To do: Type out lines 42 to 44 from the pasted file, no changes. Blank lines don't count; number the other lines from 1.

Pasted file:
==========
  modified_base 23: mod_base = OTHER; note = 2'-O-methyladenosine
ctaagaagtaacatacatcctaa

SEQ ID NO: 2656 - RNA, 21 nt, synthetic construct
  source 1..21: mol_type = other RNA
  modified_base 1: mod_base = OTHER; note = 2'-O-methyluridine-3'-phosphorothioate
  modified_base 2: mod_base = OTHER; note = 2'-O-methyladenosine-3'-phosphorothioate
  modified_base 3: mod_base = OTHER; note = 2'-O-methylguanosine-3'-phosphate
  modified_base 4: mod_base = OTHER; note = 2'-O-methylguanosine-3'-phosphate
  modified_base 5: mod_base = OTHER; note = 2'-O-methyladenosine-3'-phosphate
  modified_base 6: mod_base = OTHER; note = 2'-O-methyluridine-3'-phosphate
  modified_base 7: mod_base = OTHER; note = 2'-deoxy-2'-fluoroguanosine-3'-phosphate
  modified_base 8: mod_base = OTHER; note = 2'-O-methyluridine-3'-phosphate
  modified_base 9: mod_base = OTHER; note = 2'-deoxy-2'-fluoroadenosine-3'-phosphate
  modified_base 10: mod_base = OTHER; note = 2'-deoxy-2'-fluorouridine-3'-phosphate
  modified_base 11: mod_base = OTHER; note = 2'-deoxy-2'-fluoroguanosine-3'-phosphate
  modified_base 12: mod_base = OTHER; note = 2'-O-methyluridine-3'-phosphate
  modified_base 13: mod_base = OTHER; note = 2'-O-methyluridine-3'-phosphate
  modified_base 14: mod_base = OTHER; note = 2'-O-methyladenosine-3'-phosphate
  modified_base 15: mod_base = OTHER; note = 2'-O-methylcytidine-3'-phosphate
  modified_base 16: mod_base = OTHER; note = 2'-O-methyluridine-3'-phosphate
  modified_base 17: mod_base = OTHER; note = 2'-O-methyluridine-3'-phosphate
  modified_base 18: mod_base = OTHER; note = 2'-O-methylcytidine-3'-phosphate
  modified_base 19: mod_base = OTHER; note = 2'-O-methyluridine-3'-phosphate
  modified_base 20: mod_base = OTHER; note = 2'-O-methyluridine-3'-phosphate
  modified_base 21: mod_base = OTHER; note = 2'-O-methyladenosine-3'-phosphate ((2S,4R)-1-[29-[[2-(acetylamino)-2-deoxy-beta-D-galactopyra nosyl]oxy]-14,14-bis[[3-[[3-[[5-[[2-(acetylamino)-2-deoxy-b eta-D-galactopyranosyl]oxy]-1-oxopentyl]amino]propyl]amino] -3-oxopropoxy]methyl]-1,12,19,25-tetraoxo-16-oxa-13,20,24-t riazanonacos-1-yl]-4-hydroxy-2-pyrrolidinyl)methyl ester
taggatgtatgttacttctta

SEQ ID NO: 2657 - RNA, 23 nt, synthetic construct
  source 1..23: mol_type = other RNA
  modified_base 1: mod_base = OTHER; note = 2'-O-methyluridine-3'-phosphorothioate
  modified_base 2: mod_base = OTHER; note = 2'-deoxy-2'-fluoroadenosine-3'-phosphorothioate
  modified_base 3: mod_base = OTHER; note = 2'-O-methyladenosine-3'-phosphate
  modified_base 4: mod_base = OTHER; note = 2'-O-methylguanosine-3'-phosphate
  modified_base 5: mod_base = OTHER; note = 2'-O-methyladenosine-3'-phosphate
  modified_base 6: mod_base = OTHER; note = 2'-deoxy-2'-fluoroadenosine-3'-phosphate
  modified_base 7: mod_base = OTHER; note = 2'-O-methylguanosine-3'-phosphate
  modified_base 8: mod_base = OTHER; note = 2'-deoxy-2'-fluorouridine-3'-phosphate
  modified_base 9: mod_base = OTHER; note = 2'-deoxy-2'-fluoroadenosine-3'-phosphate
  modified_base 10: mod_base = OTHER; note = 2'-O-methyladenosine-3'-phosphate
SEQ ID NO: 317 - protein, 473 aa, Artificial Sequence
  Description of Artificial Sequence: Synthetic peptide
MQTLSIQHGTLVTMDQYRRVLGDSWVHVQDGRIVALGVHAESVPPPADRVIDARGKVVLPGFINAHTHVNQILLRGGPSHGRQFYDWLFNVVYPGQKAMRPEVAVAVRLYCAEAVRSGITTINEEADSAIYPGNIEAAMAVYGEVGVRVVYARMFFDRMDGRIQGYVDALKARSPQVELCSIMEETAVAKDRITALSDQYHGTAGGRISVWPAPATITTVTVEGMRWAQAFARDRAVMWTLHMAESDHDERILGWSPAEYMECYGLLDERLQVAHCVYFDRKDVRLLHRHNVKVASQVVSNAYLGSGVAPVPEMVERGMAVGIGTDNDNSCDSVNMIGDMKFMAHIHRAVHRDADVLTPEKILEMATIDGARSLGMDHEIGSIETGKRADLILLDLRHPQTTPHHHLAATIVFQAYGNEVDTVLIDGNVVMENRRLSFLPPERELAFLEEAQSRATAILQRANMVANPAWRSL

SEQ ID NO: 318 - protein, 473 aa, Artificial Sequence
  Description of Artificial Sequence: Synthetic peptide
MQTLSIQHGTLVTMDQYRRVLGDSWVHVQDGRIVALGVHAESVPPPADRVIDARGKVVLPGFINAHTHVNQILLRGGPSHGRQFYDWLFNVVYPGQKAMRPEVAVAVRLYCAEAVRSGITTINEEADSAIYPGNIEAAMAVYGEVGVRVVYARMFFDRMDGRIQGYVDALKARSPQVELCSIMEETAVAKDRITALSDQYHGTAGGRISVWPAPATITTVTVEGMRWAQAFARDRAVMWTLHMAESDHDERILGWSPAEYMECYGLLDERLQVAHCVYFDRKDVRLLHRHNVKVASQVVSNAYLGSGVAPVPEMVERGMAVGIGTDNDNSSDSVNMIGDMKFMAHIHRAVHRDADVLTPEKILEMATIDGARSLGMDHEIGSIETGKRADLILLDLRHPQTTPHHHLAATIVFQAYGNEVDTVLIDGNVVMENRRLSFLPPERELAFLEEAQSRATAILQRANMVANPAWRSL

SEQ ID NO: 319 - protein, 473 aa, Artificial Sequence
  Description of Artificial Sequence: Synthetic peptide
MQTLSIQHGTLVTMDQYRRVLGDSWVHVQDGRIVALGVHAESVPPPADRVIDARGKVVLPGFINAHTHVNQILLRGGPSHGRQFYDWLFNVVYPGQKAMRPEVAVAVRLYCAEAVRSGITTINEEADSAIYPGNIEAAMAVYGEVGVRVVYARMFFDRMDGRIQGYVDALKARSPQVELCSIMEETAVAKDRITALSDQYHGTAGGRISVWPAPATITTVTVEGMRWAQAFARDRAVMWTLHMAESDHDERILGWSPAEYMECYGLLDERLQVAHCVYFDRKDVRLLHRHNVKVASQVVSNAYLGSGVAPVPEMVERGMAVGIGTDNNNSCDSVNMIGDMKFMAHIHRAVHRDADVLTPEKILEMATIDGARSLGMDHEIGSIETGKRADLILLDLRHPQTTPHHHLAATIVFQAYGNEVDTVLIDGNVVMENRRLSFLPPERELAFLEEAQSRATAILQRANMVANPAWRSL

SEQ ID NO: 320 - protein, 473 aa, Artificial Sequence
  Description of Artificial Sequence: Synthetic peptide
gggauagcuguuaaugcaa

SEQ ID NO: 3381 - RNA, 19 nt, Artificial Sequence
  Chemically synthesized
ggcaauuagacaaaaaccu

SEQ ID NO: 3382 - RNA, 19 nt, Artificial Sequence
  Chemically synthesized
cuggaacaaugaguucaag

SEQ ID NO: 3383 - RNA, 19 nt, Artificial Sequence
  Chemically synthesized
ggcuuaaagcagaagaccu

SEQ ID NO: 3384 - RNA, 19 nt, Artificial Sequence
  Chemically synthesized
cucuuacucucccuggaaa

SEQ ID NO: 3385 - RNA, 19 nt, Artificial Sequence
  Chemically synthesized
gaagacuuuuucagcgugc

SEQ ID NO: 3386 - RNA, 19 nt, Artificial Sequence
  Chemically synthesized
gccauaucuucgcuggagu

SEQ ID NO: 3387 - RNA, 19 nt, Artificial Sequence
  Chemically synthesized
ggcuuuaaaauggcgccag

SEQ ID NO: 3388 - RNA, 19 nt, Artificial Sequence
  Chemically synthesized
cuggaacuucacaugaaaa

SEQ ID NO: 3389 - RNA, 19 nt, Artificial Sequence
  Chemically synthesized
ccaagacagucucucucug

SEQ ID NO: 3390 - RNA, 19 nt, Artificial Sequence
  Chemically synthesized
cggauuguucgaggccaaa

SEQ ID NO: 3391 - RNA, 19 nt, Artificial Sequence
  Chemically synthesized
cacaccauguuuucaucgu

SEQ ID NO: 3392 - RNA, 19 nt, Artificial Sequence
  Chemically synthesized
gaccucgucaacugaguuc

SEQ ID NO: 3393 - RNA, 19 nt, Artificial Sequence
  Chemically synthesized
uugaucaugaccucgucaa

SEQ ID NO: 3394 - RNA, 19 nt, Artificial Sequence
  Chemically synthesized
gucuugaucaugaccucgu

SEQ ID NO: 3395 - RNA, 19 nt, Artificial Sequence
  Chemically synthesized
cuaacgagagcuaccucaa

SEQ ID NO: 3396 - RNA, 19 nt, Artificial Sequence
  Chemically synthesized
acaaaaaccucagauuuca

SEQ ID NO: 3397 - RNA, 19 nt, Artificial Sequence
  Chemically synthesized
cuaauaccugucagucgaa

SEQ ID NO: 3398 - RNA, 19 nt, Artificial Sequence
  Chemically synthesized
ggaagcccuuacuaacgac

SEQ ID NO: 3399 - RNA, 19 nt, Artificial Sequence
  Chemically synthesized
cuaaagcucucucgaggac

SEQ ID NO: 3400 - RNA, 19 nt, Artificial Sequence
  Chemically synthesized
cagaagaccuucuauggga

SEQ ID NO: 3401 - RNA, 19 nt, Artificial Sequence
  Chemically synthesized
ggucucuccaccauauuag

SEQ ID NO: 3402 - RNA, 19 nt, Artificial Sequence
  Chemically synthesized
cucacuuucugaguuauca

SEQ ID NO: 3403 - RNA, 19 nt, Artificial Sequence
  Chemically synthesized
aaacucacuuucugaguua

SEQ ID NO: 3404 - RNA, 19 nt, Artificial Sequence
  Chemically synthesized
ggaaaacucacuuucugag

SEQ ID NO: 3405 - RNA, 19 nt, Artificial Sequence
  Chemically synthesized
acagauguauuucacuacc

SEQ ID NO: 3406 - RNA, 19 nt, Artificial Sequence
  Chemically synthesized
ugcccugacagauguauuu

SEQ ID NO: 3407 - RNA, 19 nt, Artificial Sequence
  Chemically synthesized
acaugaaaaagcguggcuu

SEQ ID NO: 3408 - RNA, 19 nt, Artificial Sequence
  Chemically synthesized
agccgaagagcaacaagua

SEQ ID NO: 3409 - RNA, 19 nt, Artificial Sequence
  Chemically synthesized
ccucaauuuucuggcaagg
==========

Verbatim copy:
SEQ ID NO: 318 - protein, 473 aa, Artificial Sequence
  Description of Artificial Sequence: Synthetic peptide
MQTLSIQHGTLVTMDQYRRVLGDSWVHVQDGRIVALGVHAESVPPPADRVIDARGKVVLPGFINAHTHVNQILLRGGPSHGRQFYDWLFNVVYPGQKAMRPEVAVAVRLYCAEAVRSGITTINEEADSAIYPGNIEAAMAVYGEVGVRVVYARMFFDRMDGRIQGYVDALKARSPQVELCSIMEETAVAKDRITALSDQYHGTAGGRISVWPAPATITTVTVEGMRWAQAFARDRAVMWTLHMAESDHDERILGWSPAEYMECYGLLDERLQVAHCVYFDRKDVRLLHRHNVKVASQVVSNAYLGSGVAPVPEMVERGMAVGIGTDNDNSSDSVNMIGDMKFMAHIHRAVHRDADVLTPEKILEMATIDGARSLGMDHEIGSIETGKRADLILLDLRHPQTTPHHHLAATIVFQAYGNEVDTVLIDGNVVMENRRLSFLPPERELAFLEEAQSRATAILQRANMVANPAWRSL